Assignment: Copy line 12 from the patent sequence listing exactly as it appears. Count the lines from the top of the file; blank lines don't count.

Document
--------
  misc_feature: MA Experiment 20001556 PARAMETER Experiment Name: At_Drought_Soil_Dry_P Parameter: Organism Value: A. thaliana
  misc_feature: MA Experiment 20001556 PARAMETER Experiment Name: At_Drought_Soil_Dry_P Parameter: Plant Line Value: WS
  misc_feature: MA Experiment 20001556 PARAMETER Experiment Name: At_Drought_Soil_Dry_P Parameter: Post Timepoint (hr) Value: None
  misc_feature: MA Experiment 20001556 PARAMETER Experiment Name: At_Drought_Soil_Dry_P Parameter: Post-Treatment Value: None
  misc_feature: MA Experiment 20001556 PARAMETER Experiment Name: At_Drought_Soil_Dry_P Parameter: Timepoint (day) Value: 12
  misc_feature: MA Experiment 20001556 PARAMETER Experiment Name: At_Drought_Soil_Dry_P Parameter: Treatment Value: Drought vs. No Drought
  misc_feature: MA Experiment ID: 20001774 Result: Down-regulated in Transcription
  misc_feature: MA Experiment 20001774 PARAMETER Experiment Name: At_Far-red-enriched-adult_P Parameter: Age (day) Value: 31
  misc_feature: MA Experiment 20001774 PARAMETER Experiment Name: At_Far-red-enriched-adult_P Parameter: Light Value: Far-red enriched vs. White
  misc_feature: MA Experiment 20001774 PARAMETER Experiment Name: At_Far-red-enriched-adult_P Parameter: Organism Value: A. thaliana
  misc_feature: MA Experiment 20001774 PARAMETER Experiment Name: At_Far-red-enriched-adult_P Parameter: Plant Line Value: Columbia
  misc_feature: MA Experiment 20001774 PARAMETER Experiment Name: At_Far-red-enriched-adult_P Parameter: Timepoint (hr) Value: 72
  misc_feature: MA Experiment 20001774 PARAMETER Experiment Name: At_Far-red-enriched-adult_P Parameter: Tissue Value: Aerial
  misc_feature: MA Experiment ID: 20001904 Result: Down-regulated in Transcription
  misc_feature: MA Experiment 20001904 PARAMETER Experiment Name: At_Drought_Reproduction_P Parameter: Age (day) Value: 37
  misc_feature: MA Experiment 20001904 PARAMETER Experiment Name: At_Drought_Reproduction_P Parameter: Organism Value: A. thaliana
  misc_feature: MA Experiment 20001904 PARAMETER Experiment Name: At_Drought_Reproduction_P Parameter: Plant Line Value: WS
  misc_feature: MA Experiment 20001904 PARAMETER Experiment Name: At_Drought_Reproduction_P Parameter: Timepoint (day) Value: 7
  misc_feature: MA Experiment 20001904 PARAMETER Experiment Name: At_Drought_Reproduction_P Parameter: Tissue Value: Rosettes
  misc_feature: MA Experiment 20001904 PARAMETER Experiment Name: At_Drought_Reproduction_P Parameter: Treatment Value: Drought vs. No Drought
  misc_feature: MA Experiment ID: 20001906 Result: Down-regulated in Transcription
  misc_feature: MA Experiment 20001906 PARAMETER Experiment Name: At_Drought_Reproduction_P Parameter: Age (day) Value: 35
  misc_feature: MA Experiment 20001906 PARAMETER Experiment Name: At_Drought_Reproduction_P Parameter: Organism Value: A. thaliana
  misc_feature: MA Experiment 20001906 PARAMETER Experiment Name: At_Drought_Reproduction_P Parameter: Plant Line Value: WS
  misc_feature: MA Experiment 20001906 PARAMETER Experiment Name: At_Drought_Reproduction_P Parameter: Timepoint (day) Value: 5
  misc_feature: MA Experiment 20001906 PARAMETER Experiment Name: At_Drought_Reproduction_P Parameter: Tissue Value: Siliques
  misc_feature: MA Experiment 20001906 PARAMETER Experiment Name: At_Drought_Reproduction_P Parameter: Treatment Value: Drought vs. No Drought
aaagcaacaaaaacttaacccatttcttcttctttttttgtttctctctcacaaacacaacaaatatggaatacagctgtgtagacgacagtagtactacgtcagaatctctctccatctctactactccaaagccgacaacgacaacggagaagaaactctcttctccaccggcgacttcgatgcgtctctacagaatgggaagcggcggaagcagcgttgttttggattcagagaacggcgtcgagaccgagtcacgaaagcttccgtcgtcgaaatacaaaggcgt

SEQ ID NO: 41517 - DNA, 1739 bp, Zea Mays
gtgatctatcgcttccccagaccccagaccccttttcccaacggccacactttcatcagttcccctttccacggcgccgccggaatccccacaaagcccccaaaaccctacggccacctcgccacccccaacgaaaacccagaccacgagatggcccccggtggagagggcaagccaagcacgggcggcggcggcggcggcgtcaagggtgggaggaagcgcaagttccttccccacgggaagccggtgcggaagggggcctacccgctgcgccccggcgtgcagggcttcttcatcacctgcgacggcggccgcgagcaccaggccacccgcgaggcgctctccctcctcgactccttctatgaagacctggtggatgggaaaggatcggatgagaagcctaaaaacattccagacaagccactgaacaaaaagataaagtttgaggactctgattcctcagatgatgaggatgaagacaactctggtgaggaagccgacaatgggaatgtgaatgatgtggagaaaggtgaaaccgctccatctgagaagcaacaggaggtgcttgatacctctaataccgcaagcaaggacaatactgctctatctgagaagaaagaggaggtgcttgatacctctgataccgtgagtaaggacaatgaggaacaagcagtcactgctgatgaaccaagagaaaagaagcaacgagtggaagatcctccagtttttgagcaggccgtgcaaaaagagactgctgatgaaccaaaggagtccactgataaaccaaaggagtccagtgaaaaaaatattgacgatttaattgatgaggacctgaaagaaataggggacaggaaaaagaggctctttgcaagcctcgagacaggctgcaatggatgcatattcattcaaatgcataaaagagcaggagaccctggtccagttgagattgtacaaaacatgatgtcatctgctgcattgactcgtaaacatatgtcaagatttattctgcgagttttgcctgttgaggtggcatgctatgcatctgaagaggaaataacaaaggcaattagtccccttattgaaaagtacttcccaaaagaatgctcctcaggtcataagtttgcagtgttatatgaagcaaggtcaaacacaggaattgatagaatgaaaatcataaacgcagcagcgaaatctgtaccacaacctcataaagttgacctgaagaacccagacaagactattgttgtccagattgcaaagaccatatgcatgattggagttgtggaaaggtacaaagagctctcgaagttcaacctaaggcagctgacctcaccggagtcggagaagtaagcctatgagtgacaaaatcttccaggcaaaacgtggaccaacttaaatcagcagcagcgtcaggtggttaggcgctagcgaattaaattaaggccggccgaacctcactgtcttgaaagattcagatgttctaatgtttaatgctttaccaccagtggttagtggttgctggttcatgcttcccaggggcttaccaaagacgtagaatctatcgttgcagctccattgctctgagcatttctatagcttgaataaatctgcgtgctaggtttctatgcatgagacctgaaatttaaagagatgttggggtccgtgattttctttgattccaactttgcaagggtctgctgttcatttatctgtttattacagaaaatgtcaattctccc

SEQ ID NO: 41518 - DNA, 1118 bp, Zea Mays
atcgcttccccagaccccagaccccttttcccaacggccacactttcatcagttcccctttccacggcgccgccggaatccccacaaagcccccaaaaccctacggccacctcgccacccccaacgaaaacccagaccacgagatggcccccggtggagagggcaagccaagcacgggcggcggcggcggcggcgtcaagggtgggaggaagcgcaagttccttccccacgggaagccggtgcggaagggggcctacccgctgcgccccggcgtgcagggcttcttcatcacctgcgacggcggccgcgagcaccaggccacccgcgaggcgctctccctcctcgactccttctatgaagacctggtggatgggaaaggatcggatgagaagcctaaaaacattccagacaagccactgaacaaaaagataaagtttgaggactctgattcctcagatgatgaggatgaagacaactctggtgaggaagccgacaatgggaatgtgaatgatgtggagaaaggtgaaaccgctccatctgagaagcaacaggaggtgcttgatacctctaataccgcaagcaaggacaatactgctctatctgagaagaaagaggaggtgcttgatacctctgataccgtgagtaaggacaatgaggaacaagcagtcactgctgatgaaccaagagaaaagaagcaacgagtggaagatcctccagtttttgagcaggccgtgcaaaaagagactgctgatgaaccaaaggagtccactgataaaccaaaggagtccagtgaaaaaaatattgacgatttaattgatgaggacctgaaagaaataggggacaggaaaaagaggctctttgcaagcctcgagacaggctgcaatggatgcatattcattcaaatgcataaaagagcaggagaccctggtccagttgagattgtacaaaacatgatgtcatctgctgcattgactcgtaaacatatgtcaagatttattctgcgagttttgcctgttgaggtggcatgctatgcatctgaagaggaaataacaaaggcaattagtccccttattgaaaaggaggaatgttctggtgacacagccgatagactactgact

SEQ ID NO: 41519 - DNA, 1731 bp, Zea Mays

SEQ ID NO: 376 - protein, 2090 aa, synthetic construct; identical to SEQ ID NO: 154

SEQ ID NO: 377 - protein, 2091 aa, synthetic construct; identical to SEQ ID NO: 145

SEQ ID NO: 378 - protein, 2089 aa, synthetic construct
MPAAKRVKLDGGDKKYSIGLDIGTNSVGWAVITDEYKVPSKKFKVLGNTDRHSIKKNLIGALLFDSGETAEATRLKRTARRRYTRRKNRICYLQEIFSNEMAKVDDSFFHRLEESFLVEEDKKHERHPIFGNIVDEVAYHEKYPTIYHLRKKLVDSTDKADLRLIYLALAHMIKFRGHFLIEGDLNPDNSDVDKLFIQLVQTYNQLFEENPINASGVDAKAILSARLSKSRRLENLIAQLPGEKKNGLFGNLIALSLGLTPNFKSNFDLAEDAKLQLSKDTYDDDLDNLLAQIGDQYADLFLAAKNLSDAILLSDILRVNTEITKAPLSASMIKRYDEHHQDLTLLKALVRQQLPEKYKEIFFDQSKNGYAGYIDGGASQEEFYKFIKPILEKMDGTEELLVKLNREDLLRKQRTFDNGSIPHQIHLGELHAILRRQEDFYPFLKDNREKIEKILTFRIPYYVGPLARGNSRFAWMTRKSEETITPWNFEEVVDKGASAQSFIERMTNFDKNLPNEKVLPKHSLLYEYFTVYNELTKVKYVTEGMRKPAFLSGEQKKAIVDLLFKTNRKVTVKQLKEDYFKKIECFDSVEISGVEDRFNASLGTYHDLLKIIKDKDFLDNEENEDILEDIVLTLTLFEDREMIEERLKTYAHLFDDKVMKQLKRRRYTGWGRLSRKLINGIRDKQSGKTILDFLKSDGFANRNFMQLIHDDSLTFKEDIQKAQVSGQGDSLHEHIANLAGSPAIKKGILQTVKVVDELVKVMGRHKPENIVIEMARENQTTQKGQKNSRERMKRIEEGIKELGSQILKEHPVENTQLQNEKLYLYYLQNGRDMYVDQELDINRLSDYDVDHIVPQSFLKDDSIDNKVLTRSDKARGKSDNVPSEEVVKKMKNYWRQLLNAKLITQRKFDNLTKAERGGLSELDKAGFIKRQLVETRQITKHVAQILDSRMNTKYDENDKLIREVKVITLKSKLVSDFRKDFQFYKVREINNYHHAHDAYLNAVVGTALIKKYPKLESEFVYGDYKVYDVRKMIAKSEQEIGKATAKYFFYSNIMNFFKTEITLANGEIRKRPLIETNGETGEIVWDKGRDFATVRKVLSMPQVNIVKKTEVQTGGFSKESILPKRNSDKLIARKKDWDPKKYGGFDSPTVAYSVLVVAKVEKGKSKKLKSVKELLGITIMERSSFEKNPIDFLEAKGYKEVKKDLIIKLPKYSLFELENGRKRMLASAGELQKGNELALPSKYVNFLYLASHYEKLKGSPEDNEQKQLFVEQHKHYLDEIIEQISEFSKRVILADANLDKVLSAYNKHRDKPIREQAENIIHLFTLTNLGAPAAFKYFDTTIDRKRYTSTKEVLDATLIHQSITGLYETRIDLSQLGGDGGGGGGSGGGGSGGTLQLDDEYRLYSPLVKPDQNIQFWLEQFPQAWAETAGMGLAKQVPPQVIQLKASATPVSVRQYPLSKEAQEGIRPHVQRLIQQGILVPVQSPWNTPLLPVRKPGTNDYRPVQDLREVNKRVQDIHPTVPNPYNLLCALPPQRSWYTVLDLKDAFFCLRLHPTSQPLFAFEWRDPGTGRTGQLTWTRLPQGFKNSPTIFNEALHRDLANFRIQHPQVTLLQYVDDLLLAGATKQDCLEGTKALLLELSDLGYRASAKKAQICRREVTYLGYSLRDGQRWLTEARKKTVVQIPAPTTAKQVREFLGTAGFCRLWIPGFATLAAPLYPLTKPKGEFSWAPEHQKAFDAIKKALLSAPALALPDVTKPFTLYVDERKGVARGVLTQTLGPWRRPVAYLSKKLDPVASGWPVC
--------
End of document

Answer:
  misc_feature: MA Experiment 20001774 PARAMETER Experiment Name: At_Far-red-enriched-adult_P Parameter: Timepoint (hr) Value: 72